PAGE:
• March 2013: Apply for and acceptance to CSSF Novel Writers Workshop. Whew!
  • June 2013: Two weeks of wisdom, example, outline, imagination, and the Glorious Fishbowl at the CSSF Workshop in Lawrence, KS.
  • June 2013: Receive IAC grant.
  • July-September 2013: First *real* draft of novel.
  • October-December 2013: Preparing draft for beta-readers.

I knew, of course, that writing a novel is a lot of work. But I think our little primate brains protect us from understanding the full scope of how much ‘a lot’ really is. I don’t regret my decision to go down this revision-paved road. And for 2014? It’s going to be finished. This novel is hitting the road, knocking on the doors of agents and editors.


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The NaNo Novel: One-Month Stand or LTR?

Tomorrow is the first day of National Novel Writing Month. Many of you will open your blank page of choice and inscribe the first words of your epic genius. It’s a heady moment; thrilling, exhilarating, and full of possibilities–like falling in love.

Photo by Epiclectic via Flickr

Photo by Epiclectic via Flickr

In those dreamy first days, it’s all chocolates and long walks on the beach (or screaming fights and great make-up sex, YMMV). But have you ever wondered what happens after? What if you and your novel want to stay together for the long haul? Can you make it work?

Just like in a human relationship, you’ll have to put in some effort to keep that author/novel flame burning. Not every day will be consumed by the fiery passion of your literary brilliance. Some days you’ll wonder why you ever returned this novel’s calls. Surely, it didn’t always have that bloated section in the middle where the protagonist runs around in circles and whines constantly? And why did you never notice that “chuckled” is used in every dialogue tag in Chapters 7,8, & 13?

Not every novel is a keeper, but if the romance is still there, there are steps you can take to keep the relationship strong.

  • “Me” Time – Yes, you love your novel, and there is a danger in only writing ‘when you feel like it’. But you don’t want to spend so much time together that you’re sick of the sight of your literary love. Taking judicious breaks–usually between drafts–clears the novel out of your conscious mind and frees you to have a fresh and generous perspective when you return.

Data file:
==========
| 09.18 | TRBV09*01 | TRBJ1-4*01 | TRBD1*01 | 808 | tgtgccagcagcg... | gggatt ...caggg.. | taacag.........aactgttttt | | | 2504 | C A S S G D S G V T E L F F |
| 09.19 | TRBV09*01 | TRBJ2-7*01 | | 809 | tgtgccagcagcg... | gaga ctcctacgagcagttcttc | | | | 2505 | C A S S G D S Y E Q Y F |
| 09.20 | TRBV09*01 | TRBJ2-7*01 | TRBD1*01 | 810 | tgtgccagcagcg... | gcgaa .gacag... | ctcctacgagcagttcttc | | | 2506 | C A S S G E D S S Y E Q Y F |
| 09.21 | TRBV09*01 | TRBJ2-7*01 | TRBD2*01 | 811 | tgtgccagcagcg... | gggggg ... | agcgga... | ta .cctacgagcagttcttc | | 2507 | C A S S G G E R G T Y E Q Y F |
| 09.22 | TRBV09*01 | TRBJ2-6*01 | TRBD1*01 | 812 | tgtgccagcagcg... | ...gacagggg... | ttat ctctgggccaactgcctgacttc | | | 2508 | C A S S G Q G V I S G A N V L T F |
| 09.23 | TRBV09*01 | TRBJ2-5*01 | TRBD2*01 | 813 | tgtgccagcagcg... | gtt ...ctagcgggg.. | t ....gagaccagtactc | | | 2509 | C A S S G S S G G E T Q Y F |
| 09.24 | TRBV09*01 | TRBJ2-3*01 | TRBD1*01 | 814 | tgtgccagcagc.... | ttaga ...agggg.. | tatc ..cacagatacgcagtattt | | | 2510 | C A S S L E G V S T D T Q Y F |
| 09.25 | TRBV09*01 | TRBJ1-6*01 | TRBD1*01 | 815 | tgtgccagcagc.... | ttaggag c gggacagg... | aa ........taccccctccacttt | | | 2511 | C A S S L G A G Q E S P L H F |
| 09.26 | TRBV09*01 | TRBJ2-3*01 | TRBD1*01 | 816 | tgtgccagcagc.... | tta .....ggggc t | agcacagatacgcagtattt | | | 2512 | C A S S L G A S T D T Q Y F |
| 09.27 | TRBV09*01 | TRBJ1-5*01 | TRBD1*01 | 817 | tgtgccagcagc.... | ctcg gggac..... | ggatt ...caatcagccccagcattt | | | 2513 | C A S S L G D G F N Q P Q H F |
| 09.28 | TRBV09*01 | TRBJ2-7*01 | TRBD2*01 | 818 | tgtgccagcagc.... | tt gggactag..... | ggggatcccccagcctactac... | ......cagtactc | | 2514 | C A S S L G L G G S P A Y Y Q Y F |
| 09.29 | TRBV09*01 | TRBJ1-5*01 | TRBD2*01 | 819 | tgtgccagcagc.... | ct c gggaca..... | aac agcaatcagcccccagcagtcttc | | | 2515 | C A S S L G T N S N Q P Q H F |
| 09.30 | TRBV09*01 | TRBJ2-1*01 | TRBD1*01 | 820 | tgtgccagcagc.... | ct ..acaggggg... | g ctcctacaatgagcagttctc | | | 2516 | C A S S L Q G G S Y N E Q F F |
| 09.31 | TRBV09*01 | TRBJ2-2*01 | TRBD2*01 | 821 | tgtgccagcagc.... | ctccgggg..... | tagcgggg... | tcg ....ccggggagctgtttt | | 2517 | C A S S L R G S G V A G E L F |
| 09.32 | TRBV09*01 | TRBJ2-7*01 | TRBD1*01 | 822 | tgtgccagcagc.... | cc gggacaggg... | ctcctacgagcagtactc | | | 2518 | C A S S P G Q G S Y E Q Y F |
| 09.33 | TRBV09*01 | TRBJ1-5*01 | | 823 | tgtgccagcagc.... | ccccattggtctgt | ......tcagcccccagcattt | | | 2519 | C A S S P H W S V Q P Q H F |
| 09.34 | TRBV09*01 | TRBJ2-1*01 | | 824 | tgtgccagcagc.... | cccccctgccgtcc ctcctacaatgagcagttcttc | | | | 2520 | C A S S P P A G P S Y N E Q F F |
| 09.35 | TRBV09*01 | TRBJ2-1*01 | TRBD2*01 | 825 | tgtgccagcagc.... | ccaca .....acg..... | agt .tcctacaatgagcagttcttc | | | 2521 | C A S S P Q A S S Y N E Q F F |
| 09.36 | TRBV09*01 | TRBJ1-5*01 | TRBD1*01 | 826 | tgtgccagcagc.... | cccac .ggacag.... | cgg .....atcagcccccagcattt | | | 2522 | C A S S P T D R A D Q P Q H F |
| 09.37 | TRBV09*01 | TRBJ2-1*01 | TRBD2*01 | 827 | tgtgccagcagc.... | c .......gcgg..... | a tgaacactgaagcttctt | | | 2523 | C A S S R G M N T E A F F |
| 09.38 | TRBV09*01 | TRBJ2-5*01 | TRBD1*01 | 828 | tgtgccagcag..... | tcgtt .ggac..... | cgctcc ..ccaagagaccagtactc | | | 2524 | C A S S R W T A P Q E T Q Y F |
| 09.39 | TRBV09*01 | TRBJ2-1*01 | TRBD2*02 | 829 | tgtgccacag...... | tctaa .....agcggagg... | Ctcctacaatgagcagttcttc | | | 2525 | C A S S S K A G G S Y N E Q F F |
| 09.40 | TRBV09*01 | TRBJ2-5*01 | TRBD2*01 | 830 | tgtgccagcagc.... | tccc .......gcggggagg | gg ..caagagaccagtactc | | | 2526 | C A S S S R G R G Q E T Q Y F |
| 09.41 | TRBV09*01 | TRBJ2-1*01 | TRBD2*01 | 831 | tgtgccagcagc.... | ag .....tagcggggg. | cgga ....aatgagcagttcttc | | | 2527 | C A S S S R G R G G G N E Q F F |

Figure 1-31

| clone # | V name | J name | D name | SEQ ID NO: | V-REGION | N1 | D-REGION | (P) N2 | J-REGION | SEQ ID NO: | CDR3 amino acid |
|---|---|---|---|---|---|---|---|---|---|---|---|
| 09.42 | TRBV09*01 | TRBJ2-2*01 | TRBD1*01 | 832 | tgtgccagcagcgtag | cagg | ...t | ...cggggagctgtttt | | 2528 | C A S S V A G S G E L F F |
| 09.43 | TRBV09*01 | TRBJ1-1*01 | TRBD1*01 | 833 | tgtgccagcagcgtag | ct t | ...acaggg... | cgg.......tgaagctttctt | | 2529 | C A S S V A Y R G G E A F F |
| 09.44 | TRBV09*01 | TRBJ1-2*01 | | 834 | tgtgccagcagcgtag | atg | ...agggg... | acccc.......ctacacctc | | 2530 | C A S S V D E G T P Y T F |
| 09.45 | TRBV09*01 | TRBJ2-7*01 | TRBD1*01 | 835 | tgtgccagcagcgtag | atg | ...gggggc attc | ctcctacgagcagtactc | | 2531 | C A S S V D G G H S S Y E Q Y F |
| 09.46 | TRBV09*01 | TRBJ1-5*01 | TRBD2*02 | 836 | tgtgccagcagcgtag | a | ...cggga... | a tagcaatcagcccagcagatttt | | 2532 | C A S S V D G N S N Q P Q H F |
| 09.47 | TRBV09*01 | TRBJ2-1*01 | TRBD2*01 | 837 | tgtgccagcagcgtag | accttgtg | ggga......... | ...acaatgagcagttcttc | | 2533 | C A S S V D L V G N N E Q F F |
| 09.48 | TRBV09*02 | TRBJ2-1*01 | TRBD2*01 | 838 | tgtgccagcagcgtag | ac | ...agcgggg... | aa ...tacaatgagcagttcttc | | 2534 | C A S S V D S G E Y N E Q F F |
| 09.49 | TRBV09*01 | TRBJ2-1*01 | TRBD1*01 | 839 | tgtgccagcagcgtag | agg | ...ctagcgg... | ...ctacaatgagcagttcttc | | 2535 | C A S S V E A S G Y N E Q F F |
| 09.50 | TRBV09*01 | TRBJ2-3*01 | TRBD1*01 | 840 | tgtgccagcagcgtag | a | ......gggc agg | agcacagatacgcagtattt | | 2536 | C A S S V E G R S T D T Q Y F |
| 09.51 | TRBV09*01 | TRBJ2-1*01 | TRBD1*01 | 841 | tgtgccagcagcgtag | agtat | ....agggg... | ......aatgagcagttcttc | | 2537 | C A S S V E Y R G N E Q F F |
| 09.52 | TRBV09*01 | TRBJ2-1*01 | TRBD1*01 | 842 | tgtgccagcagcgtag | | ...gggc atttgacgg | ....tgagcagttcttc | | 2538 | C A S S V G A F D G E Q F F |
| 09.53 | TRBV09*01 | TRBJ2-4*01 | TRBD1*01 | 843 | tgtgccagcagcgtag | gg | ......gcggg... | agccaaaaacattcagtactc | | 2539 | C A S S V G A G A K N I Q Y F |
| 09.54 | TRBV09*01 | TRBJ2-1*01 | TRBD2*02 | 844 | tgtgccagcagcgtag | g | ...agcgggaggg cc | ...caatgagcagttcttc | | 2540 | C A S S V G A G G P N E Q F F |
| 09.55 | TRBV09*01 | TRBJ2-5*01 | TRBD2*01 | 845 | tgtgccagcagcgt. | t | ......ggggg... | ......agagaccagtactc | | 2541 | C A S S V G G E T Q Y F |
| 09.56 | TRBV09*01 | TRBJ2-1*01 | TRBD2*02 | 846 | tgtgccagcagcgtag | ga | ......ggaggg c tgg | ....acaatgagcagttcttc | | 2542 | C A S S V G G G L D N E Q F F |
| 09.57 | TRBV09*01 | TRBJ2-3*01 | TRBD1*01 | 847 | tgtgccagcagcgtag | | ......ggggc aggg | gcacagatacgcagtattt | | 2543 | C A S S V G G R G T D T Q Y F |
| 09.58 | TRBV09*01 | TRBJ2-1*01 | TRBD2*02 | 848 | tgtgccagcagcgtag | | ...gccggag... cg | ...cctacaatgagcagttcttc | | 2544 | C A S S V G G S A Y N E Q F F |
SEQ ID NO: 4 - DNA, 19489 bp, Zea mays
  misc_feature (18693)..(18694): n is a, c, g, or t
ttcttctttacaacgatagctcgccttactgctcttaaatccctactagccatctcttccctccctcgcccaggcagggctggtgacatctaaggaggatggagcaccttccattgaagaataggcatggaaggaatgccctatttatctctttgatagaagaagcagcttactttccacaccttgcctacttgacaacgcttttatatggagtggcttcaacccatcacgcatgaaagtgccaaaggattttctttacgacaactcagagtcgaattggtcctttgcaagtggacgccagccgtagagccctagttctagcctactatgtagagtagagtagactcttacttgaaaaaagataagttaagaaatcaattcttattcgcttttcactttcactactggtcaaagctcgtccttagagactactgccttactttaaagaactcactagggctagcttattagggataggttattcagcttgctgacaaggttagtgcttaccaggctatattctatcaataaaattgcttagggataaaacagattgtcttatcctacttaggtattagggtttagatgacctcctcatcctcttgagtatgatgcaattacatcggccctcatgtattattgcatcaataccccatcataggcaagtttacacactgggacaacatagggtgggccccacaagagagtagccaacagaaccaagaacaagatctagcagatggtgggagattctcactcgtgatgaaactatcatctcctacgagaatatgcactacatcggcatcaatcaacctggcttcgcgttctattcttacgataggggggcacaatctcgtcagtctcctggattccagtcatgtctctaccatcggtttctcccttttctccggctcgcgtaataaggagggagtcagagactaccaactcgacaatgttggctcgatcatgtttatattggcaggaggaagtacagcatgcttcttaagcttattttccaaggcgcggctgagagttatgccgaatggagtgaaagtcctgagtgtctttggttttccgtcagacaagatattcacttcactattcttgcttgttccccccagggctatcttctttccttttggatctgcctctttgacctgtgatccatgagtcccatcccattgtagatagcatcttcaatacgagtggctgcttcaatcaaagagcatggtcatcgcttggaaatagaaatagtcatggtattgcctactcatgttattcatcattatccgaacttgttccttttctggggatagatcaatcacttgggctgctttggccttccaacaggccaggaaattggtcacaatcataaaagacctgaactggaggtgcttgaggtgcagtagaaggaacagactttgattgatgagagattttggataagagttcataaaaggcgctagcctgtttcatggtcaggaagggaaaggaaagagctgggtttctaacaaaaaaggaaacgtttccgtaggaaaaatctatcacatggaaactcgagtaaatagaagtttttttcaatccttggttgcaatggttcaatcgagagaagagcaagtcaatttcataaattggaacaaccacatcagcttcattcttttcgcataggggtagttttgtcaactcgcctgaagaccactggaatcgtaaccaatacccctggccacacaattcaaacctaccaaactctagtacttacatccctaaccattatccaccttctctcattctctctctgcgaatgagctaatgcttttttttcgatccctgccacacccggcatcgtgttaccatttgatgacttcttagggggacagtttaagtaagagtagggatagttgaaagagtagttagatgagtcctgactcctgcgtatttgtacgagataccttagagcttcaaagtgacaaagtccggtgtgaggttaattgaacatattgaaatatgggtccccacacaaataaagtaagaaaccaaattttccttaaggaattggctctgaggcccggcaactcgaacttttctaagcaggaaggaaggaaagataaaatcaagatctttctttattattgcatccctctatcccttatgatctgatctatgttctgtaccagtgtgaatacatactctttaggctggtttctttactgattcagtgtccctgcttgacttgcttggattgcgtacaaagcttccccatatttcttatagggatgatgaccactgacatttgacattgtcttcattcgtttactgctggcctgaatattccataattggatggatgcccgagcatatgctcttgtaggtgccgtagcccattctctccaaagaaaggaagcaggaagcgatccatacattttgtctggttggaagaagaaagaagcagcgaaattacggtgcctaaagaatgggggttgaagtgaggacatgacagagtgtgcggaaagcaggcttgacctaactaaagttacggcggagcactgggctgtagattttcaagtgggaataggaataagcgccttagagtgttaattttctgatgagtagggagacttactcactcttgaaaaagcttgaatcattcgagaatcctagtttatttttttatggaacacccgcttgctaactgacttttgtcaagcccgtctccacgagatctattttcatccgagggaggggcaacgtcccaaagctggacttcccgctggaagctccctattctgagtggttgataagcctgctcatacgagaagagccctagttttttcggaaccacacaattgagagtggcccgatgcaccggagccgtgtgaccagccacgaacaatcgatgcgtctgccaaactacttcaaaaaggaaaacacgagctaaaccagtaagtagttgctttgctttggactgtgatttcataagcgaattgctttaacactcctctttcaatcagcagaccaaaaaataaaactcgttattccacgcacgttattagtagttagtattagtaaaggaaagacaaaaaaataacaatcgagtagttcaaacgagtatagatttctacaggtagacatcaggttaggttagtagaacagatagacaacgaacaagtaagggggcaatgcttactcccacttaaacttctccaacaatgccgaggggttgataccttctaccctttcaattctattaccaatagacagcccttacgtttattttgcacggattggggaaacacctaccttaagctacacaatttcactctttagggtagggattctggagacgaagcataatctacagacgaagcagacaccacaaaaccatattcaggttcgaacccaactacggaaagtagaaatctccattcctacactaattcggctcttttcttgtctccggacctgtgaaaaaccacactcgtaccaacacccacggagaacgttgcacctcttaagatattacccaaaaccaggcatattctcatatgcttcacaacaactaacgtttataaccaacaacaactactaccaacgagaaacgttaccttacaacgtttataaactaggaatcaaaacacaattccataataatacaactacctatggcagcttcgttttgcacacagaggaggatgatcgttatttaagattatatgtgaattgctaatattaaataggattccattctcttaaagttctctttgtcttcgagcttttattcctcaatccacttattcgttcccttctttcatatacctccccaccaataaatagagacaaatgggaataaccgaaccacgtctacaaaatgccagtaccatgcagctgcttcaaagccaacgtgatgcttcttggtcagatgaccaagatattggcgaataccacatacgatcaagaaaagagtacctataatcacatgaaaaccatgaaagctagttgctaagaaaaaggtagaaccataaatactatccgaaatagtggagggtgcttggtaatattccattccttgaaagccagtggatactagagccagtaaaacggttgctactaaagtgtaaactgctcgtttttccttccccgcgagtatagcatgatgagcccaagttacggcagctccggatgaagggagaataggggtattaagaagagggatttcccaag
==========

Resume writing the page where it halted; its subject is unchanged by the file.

• Clear Goals – A novel goes through many drafts before publication (6-8 is an average number). One of the worst things you can do is try to work on too many drafts at the same time. If this is Draft #2, be clear about what you want to accomplish. If you’re fixing the plot, don’t worry about the prose. If you’re clarifying character motivations, don’t worry about the pacing. After all, you’ve got to save something for those other drafts.
  • (Semi-) Public Commitment – Stand up in front of your friends and family and proclaim your dedication to your novel. This doesn’t mean rushing out to buy a pound of gold-infused Stilton for the holiday cheese board because of course you’ll be getting a six-figure advance. For me, it meant contacting my beta-readers and asking if they’ll be ready to read by a certain date, because that’s when I intend to be done.
  • Manage Stress – The biggest challenge I faced in beginning the next draft was holding back the panic. Once I got a clear look at the problems and gaps, the job before me seemed enormous. I had to get that hysteria firmly stamped under a boot heel or I wouldn’t be making any progress. Step One was referring back to those Clear Goals: I didn’t have to fix everything with this draft; I just had to make it better than the previous one. Step Two was writing down a couple of phrases that made me feel better (“Better to fail than give up”; “You won’t know for sure until you finish”) and sticking them on the bottom of my monitor. Step Three: 10-minute guided meditations. I’m not a pan-flute kind of person, but I started listening to guided meditations to get through the stress of Clarion West, and the habit has (sporadically) stuck with me. Try the free ones from the UCLA Mindful Awareness Research Center.
  • Support Network – Writing a novel takes a long time. You need people who know what you’re doing and how hard it is. Celebrate successes with friends. Turn to them if you’re having a bad day. When I was having a slump, I asked, “Tell me why I’m doing this again?” The answer: “Because its going to be awesome.” My writer friends have read early chapters, and they want me to write it. They want me to succeed. Feelings like that can carry you a long way.
  • Write – You’ve heard this one before. Writing a novel means having to write. It means butt-in-chair and fingers-on-keyboard. Whatever tricks you have to play to romance your muse or quell your rowdy two-year-old, you do it. Then you sit down, and you write. And then you do it again.
Sticky pep-talks

Sticky pep-talks